02 23

Pay me to write articles

pay me to write articles

Writer's Skill Level: 150-300 Words 300-500 Words 500-700 Words 700-1000 Words 1000-2000 Words 2000-3000+ Words
Beginner 1.85 3.45 4.82 6.15 8.25 14.40
General 2.90 4.65 6.90 9.15 11.90 20.20
Skilled 3.65 6.15 8.90 10.90 14.40 28.20
Expert 7.00 13.40 19.40 25.40 32.40 60.00
Writer's Skill Level: 150-300 Words 300-500 Words 500-700 Words 700-1000 Words 1000-2000 Words 2000-3000+ Words
Beginner 1.58 3.06 4.27 4.87 5.90 10.40
General 2.40 3.90 5.90 7.90 8.40 16.20
Skilled 3.00 5.15 7.90 10.15 10.40 19.70
Expert 6.00 11.90 17.90 20.40 27.40 53.00
Writer's Skill Level: 15-50 Words 50-100 Words 100-150 Words
Beginner 0.65 1.20 1.45
General 1.25 1.55 1.85
Skilled 1.65 2.15 2.65
Expert 2.65 3.65 4.15
Writer's Skill Level: 25-50 Words 50-200 Words 200-400 Words 400-600 Words 600-800 Words 800-1000 Words 1000-1500 Words
Beginner 1.00 2.35 4.85 8.10 10.10 13.10 16.00
General 1.25 2.90 6.10 10.10 12.10 15.10 18.00
Skilled 1.10 3.58 6.80 11.20 13.20 16.20 19.00
Expert 2.00 4.60 8.70 13.20 17.30 20.40 23.00
Writer's Skill Level: ~ 5000 words (about 10 pages) ~ 10000 words (about 20 pages) ~ 15000 words (about 30 pages) ~ 25000 words (about 50 pages) ~ 35000 words (about 70 pages) ~ 50000 words (about 100 pages)
Beginner 80.00 160.00 240.00 400.00 560.00 800.00
General 85.00 170.00 255.00 425.00 595.00 850.00
Skilled 100.00 200.00 300.00 500.00 700.00 1000.00
Expert 125.00 250.00 375.00 625.00 875.00 1250.00

How to Write Articles (with Pictures) - wikiHow

pay me to write articles We Want to Pay You to Write for Us - Cracked.com

Some article types are better suited to certain topics. Some of the most common types of articles are:
  • News: This type of article presents facts about something that happened recently or that will happen in the near future. It usually covers the 5 Ws and H: who, what, where when, why and how.
  • Feature: This type of article presents information in a more creative, descriptive way than a straight news article. It can be an article about a person, a phenomenon, a place, or other subject.
  • Editorial: This article presents a writer’s opinions on a topic or debate. It is intended to persuade the reader to think a certain way about a topic.[1]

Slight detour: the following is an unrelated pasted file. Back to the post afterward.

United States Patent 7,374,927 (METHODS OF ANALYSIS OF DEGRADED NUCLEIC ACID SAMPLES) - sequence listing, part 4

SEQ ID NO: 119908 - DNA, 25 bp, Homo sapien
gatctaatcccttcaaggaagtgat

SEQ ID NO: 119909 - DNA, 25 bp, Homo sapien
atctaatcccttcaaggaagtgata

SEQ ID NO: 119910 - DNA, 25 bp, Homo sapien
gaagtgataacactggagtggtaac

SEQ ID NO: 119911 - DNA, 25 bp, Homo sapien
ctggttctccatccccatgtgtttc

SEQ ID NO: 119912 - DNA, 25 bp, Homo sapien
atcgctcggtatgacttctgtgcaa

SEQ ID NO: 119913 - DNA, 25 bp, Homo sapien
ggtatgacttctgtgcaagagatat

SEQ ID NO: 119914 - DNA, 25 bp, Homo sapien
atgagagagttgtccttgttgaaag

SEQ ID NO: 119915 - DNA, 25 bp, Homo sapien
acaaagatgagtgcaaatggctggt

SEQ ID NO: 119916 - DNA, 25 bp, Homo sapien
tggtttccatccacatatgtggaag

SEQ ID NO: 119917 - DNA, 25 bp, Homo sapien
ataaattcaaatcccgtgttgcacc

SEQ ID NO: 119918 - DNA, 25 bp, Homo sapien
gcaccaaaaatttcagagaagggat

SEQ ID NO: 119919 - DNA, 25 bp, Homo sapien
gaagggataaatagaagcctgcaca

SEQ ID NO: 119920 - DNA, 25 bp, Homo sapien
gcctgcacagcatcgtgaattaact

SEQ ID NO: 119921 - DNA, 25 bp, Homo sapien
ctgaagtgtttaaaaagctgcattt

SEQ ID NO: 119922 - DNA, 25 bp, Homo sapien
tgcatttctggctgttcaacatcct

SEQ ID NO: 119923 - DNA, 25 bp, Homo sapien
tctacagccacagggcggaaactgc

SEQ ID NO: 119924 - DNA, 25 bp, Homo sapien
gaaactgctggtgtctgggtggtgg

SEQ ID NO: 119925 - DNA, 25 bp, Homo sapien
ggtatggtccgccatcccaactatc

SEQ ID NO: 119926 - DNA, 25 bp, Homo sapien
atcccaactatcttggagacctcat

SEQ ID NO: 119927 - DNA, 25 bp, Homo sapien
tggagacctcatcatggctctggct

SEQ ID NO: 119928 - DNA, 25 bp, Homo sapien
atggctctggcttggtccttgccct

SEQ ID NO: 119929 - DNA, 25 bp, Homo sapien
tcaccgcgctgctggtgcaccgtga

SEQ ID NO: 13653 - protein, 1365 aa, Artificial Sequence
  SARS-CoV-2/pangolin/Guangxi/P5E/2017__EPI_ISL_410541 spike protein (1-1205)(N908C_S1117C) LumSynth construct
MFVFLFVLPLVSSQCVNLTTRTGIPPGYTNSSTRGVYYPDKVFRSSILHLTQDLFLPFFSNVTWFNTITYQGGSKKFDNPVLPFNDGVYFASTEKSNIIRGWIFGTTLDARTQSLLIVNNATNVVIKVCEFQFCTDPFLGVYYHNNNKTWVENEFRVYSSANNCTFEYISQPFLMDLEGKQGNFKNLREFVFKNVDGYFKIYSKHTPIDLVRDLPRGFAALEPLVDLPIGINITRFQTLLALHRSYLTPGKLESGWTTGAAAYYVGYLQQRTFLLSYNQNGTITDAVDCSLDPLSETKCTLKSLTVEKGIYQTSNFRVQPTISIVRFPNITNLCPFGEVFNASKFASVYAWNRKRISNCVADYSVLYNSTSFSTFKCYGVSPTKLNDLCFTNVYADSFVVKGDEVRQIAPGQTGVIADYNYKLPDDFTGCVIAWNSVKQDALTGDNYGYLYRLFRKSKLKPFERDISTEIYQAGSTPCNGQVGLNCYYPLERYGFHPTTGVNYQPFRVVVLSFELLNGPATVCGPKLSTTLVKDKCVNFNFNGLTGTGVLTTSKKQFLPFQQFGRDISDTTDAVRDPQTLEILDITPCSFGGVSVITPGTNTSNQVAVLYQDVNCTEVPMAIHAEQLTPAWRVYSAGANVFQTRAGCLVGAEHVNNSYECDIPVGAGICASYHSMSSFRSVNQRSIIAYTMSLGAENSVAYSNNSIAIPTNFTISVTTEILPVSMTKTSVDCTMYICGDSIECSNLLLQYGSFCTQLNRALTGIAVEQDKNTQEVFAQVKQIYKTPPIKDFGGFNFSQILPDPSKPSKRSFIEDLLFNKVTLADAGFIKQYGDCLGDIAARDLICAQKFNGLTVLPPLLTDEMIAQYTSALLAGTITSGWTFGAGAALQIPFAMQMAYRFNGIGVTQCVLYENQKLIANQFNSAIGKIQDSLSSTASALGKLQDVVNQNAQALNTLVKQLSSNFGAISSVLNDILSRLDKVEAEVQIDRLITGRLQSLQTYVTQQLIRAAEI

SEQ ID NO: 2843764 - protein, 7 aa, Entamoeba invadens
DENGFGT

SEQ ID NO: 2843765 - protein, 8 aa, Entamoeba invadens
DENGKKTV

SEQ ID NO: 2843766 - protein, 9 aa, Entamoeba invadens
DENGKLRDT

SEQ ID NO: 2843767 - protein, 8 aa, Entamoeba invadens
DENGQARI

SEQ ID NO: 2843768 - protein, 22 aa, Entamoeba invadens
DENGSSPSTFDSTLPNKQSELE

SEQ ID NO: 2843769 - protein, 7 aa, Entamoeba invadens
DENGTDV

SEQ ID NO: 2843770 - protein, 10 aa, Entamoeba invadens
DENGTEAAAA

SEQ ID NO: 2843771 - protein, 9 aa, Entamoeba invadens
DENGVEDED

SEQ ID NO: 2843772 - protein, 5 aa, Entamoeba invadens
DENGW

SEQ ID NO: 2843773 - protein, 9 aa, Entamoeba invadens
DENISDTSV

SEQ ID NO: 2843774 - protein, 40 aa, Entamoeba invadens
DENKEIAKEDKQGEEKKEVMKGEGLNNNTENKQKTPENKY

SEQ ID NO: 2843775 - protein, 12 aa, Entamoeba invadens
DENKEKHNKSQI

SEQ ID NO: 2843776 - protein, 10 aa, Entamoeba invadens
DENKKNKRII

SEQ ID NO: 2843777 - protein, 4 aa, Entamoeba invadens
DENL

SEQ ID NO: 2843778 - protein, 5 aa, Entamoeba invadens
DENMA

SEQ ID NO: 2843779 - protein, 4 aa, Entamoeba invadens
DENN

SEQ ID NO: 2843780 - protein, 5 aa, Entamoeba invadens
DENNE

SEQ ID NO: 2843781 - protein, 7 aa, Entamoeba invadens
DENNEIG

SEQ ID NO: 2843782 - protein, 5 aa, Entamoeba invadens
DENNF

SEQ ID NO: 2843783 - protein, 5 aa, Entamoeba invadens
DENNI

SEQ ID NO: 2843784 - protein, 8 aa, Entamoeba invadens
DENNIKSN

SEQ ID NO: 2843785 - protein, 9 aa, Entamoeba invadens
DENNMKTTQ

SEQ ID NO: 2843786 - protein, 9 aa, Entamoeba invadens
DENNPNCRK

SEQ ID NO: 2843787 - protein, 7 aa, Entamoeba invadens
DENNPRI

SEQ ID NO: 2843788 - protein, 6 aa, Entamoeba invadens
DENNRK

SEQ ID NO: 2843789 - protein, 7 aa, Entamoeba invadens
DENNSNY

• How-to: This article gives clear instructions and information about how to accomplish some task.
  • Profile: This article presents information about a person, using information that the writer typically gathers through interviews and background research.
  • 2

    Brainstorm your topic. Make a list of potential topics. You might want to write about immigration or organic food or your local animal shelter.
  • What do you want people to know about this topic?
  • For example, if you want to write about organic farming, you might say to yourself, “I think it’s important to know what organic labeling means on food packages. It can be very confusing to know what it all means.”
  • 3

    Choose something you’re passionate about. Make sure it's something you can write a lot about. You should care about the topic you choose to write about. Your enthusiasm will show in your writing and will be much more engaging for your readers.
    • Your goal is to convey enough passion that your readers think the issue in your article is worth caring about.
  • 4

    Conduct preliminary research. If you’re not at all familiar with your topic (if, for instance, you need to write on a specific topic for a class assignment), then you will need to start conducting some preliminary research.
    • Enter some key words into an online search engine. This can lead you to sources that write about your topic.
  • A good place to start looking for data not readily apparent on the Internet is the Gale Directory of Databases, which exists in both book format (available in libraries) or online.
  • 5

    Find a unique angle. When you have decided on your topic and you’ve narrowed it down to something more specific, think about how you can make this article stand out. If you are writing an article about something that other people are also writing about, try to be unique in how you approach the material. You should add to the conversation, not exist alongside it.
    • For example, for the organic food topic, you might focus on one grocery shopper who doesn’t understand organic food labeling. Use that opening anecdote to lead into your main argument, known as a "nut graph," which summarizes your unique idea or point of view.
  • 6

    Hone your argument. In most articles, the writer makes an argument. This is the main thrust of the article. Then the writer finds evidence to support this argument.
  • You can find information on the internet or in a library. You can also conduct interviews, watch documentaries, or consult other sources.
  • 2